Biggest surprise: Clearly, this would be the point in the tour where our guide invited us to “carefully breathe” in the aromas coming off the fermenting tanks. Less an aroma and more a physical force, one sniff of the byproduct of yeast and wort snapped my head back and cleared my sinuses for weeks. A good runner up would be discovering what an immense difference it makes when barley is air dried (as Glengoyne does) as opposed to peat dried. I love me some scotch, but I could do without that harsh peaty taste. To sample this amber nectar of the Gods without that brutal kick was like drinking a warm hug.
5. A Kilted Gala at Edinburgh Castle
Photo by Kathy Gerhardt
I’m just going to get this out of the way: If you’ve never worn a kilt, you are missing out, my friend. There’s an exhilarating sense of freedom that comes with the official garment of the highlands; an unfettered quality that is both insanely comfortable and singularly masculine. In a kilt, you just feel like a man. Except when you try to sit down, when you feel like a man who forgot to tuck his kilt beneath him and is now bare-bottomed on a bus seat.
Which brings us to easily the single most-asked question during the closing gala inside Edinburgh Castle, with all the male travel agents present decked out in their Highland finest: What are you wearing under there?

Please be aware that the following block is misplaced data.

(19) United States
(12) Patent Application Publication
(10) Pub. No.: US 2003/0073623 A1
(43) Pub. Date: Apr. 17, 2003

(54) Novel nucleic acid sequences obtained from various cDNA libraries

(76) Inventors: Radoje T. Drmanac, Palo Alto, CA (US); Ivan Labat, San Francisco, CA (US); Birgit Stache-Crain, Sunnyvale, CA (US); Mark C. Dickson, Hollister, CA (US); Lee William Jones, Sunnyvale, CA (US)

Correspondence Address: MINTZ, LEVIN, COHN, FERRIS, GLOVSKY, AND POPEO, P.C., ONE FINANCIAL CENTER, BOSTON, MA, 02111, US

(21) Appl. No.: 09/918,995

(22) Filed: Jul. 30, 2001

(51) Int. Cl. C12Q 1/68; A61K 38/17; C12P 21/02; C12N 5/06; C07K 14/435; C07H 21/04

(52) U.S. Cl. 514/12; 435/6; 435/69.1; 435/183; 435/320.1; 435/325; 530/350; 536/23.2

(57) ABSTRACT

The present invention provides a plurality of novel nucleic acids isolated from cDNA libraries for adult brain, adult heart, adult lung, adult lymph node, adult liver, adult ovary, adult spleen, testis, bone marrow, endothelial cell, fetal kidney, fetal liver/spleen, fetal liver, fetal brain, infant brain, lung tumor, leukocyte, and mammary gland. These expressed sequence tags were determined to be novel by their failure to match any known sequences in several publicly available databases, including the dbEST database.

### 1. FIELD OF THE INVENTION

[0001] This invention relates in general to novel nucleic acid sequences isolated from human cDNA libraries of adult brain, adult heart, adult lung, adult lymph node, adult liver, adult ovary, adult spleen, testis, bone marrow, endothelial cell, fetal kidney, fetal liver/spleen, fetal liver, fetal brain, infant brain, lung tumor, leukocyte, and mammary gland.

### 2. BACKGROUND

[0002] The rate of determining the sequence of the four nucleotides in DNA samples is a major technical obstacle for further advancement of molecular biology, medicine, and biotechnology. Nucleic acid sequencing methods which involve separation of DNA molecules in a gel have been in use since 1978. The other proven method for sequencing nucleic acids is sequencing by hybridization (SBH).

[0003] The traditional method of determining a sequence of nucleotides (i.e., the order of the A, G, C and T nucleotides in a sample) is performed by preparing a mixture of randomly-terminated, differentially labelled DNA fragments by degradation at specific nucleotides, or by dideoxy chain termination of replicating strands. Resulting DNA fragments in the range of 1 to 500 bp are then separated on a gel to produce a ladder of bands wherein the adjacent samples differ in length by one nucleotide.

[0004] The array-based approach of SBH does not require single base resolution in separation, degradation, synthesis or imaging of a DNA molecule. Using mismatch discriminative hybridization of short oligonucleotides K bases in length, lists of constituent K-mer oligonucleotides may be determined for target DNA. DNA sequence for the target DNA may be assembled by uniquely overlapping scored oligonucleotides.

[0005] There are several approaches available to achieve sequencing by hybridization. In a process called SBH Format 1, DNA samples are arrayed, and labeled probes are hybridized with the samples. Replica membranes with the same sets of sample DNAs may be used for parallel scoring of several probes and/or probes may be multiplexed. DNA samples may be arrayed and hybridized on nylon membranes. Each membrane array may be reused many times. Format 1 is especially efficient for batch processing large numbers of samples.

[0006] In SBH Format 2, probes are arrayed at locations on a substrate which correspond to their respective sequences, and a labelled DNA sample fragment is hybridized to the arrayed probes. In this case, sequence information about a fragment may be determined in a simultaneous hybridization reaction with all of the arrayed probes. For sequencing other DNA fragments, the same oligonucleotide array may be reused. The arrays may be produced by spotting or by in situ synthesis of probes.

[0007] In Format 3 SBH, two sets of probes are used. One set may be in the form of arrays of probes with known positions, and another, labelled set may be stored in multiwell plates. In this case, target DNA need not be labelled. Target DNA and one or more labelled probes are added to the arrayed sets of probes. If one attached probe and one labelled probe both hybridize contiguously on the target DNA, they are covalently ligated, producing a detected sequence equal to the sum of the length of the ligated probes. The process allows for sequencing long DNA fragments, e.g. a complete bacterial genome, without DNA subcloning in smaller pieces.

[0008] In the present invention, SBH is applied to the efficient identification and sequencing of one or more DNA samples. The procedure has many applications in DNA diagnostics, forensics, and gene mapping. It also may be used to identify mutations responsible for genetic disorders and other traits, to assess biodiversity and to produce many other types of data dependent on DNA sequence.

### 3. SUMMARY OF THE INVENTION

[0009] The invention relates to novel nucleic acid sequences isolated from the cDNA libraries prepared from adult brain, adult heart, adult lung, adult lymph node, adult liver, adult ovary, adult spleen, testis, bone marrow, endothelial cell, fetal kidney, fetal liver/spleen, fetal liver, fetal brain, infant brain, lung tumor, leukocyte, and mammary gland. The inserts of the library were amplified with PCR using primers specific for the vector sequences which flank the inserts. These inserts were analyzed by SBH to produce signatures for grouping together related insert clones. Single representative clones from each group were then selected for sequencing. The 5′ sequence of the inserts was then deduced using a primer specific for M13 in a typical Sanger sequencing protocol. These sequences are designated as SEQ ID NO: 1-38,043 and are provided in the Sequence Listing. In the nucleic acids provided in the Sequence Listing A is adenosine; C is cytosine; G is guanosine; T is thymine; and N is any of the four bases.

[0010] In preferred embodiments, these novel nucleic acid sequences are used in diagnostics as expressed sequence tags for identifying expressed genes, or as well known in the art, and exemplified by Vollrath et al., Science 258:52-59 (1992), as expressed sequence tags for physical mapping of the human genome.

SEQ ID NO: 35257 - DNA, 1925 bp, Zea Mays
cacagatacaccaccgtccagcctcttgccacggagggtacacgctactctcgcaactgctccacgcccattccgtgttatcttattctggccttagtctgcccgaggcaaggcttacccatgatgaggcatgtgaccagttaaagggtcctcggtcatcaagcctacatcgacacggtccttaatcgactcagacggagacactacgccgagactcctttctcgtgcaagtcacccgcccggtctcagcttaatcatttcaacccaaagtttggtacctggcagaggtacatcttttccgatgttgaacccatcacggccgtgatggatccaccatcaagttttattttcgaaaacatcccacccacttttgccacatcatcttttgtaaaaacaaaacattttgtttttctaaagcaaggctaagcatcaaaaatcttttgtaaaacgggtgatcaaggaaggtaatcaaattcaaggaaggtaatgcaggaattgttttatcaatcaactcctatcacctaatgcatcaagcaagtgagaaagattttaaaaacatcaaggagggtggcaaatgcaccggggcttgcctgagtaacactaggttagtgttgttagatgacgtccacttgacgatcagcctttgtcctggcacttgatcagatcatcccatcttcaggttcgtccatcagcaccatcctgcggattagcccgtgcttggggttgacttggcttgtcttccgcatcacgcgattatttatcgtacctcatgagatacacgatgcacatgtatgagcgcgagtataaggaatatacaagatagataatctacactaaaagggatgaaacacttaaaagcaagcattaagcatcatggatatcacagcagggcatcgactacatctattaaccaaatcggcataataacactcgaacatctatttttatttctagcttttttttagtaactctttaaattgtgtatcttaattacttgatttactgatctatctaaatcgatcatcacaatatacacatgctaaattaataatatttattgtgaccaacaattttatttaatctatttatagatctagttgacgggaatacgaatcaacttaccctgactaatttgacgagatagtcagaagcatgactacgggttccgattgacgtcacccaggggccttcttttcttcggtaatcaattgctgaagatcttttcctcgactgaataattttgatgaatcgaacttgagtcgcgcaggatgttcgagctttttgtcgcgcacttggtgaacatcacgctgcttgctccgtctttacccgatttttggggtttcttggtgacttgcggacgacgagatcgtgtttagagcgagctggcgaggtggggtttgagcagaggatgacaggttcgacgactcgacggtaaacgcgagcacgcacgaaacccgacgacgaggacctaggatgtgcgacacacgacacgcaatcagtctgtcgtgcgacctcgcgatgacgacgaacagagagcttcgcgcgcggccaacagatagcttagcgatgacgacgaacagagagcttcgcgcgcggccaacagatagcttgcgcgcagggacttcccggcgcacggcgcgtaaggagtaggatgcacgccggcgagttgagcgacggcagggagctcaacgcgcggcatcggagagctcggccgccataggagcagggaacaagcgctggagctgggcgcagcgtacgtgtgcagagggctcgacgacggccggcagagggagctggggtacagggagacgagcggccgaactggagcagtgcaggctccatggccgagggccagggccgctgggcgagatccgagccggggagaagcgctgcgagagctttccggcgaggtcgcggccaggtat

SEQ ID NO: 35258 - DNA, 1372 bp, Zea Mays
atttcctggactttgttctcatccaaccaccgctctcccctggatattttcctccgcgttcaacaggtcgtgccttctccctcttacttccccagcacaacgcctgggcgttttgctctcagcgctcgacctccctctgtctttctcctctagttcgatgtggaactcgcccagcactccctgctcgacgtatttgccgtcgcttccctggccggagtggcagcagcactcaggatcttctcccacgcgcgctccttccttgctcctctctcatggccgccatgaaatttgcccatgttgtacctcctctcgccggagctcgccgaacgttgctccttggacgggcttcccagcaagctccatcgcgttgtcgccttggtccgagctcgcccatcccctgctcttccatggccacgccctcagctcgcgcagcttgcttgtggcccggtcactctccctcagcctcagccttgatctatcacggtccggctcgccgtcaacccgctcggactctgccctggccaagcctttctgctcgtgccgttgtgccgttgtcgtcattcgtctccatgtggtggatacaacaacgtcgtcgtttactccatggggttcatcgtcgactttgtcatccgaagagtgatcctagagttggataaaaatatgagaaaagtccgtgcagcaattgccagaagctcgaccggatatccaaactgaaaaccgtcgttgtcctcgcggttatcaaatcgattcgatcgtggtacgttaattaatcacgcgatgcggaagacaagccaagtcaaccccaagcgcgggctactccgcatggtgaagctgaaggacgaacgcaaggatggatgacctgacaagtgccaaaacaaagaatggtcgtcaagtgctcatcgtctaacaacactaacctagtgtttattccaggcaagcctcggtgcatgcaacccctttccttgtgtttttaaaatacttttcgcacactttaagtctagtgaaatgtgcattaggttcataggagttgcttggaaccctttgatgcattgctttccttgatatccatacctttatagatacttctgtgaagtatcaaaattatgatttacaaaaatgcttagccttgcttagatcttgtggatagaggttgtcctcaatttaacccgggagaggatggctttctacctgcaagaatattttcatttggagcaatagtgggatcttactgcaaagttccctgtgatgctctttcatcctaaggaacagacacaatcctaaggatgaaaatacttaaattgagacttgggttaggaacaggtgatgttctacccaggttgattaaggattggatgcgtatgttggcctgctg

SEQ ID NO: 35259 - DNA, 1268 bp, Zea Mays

I will tell you that a helpful card included among the kilt, jacket, shirt and tie informed us that undergarments should be worn as a courtesy to the next person who rents this particular kilt.
I won’t name names, but one person at the gala chose to ignore that card. Let’s just say the atmosphere post-gala at the Balmoral Bar was … festive.
But the atmosphere during the gala was equally festive, if infinitely more refined, as Travel Leaders member agents mingled at the height of the castle’s grandeur, each kitted up like Scottish royalty. If you’ve never looked out on the lights of Edinburgh from the walls of an ancient castle, the night breeze finding its way into places that are best left unspoken of, you haven’t lived.
The International Summit was designed to give agents (and one lucky travel journalist) a chance to immerse themselves in Scottish culture. Even for someone who’d been to Edinburgh many times in the past, it was an eye-opening exploration of one of the world’s most beautiful places.
I can’t wait to go back. With pants, this time.